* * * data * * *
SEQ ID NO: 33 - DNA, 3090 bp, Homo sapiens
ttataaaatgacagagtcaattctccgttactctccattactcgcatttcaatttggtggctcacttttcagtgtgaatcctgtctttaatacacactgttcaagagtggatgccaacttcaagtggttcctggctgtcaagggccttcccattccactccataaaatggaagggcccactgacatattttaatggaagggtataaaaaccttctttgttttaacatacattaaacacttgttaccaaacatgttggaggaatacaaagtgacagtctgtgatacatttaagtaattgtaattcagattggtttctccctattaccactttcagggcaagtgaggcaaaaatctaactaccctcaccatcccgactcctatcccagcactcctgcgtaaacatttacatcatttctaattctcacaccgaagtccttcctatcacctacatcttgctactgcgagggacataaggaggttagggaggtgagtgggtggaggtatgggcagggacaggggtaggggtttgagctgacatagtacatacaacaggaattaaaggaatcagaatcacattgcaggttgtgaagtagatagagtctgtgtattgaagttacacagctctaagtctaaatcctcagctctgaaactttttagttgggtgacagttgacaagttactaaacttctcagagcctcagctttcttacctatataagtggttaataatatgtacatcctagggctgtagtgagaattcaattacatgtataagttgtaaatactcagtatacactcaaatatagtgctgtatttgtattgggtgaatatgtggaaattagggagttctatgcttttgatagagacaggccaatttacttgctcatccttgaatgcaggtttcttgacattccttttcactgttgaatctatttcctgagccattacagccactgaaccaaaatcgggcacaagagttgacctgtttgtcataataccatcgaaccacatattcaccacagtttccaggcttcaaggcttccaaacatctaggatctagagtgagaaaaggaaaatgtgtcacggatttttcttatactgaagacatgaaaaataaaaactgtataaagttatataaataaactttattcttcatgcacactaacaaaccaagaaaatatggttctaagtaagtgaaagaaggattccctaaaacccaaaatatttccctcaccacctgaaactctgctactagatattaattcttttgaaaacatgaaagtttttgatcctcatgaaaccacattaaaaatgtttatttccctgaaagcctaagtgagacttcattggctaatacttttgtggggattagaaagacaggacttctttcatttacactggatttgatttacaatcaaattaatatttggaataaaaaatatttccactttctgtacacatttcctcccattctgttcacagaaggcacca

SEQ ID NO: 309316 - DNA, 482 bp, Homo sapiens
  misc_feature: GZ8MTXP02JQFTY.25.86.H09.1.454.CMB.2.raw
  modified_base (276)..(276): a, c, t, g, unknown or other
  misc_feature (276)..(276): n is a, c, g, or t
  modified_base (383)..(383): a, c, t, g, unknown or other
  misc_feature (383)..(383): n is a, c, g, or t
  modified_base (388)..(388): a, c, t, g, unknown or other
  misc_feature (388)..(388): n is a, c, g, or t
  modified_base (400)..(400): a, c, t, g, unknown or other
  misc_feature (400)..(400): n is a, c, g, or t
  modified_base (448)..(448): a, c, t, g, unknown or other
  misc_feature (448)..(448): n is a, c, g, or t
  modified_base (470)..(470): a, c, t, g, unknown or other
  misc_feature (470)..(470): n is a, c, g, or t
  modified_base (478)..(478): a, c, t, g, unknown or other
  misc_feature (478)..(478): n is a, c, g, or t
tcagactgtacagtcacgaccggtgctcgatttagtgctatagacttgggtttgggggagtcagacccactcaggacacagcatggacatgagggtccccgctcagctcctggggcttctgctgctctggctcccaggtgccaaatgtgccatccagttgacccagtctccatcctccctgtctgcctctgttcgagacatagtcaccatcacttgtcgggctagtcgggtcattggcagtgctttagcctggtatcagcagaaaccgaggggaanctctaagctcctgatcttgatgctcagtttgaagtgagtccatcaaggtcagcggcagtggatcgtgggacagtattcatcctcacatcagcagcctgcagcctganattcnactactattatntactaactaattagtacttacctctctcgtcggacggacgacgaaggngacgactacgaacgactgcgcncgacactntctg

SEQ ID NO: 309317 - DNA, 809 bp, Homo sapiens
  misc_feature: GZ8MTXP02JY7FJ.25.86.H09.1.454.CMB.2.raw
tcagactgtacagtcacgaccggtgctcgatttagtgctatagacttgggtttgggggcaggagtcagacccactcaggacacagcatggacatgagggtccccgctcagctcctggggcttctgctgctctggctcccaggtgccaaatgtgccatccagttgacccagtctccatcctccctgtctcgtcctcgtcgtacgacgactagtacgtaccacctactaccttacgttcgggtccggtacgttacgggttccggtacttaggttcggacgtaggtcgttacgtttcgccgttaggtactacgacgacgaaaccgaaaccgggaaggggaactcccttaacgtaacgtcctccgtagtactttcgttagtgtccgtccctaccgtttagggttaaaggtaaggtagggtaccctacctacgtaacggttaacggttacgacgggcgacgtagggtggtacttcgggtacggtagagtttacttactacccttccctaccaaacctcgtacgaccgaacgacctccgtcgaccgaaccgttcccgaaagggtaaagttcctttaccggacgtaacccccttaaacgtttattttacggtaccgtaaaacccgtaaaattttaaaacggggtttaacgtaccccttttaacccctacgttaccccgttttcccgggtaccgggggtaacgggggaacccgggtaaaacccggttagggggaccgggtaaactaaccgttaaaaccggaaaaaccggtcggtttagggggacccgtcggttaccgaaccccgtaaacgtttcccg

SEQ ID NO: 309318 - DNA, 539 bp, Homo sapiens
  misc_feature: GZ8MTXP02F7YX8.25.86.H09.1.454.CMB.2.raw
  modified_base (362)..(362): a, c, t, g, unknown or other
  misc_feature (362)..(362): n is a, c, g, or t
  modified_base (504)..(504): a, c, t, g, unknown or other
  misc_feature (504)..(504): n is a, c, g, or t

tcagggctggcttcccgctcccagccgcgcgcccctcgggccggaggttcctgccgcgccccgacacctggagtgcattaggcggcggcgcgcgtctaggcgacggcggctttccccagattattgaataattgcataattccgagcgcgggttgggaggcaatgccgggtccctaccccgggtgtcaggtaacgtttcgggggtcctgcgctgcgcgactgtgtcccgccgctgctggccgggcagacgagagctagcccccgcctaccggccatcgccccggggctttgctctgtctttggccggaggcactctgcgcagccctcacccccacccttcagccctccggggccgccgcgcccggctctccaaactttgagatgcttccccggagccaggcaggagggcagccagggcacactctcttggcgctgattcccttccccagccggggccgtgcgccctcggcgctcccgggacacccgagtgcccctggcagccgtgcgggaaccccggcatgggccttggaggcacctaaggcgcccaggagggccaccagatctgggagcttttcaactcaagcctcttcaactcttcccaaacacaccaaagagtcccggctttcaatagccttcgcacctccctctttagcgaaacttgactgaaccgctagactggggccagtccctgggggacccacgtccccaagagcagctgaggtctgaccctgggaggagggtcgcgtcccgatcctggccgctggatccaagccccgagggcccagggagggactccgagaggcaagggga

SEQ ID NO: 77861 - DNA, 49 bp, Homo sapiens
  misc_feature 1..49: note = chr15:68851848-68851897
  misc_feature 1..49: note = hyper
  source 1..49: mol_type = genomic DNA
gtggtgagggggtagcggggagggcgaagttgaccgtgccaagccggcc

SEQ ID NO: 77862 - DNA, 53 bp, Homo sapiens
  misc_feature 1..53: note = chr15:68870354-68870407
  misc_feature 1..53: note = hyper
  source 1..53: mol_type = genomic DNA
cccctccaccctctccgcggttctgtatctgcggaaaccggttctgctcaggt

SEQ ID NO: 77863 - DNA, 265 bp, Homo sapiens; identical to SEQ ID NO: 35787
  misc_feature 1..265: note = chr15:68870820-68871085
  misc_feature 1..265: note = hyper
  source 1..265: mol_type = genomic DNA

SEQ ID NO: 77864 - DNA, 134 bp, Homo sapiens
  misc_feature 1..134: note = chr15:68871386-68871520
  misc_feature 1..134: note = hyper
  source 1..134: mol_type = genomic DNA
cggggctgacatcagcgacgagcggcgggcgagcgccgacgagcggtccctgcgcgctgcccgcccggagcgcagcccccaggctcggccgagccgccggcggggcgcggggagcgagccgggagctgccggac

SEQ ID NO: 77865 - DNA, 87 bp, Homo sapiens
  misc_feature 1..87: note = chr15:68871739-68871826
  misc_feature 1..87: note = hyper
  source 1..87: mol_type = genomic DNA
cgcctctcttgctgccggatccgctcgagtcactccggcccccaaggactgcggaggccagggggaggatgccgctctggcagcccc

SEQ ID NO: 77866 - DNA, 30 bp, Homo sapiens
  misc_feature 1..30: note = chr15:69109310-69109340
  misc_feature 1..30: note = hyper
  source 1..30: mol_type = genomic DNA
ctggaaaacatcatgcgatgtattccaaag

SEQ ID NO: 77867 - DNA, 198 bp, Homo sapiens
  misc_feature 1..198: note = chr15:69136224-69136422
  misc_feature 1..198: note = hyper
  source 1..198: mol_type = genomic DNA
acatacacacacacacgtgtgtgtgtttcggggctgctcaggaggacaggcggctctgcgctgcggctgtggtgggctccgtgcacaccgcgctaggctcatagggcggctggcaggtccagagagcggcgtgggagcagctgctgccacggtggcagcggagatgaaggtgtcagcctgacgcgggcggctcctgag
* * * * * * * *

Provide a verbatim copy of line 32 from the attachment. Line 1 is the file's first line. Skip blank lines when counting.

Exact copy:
  misc_feature 1..49: note = hyper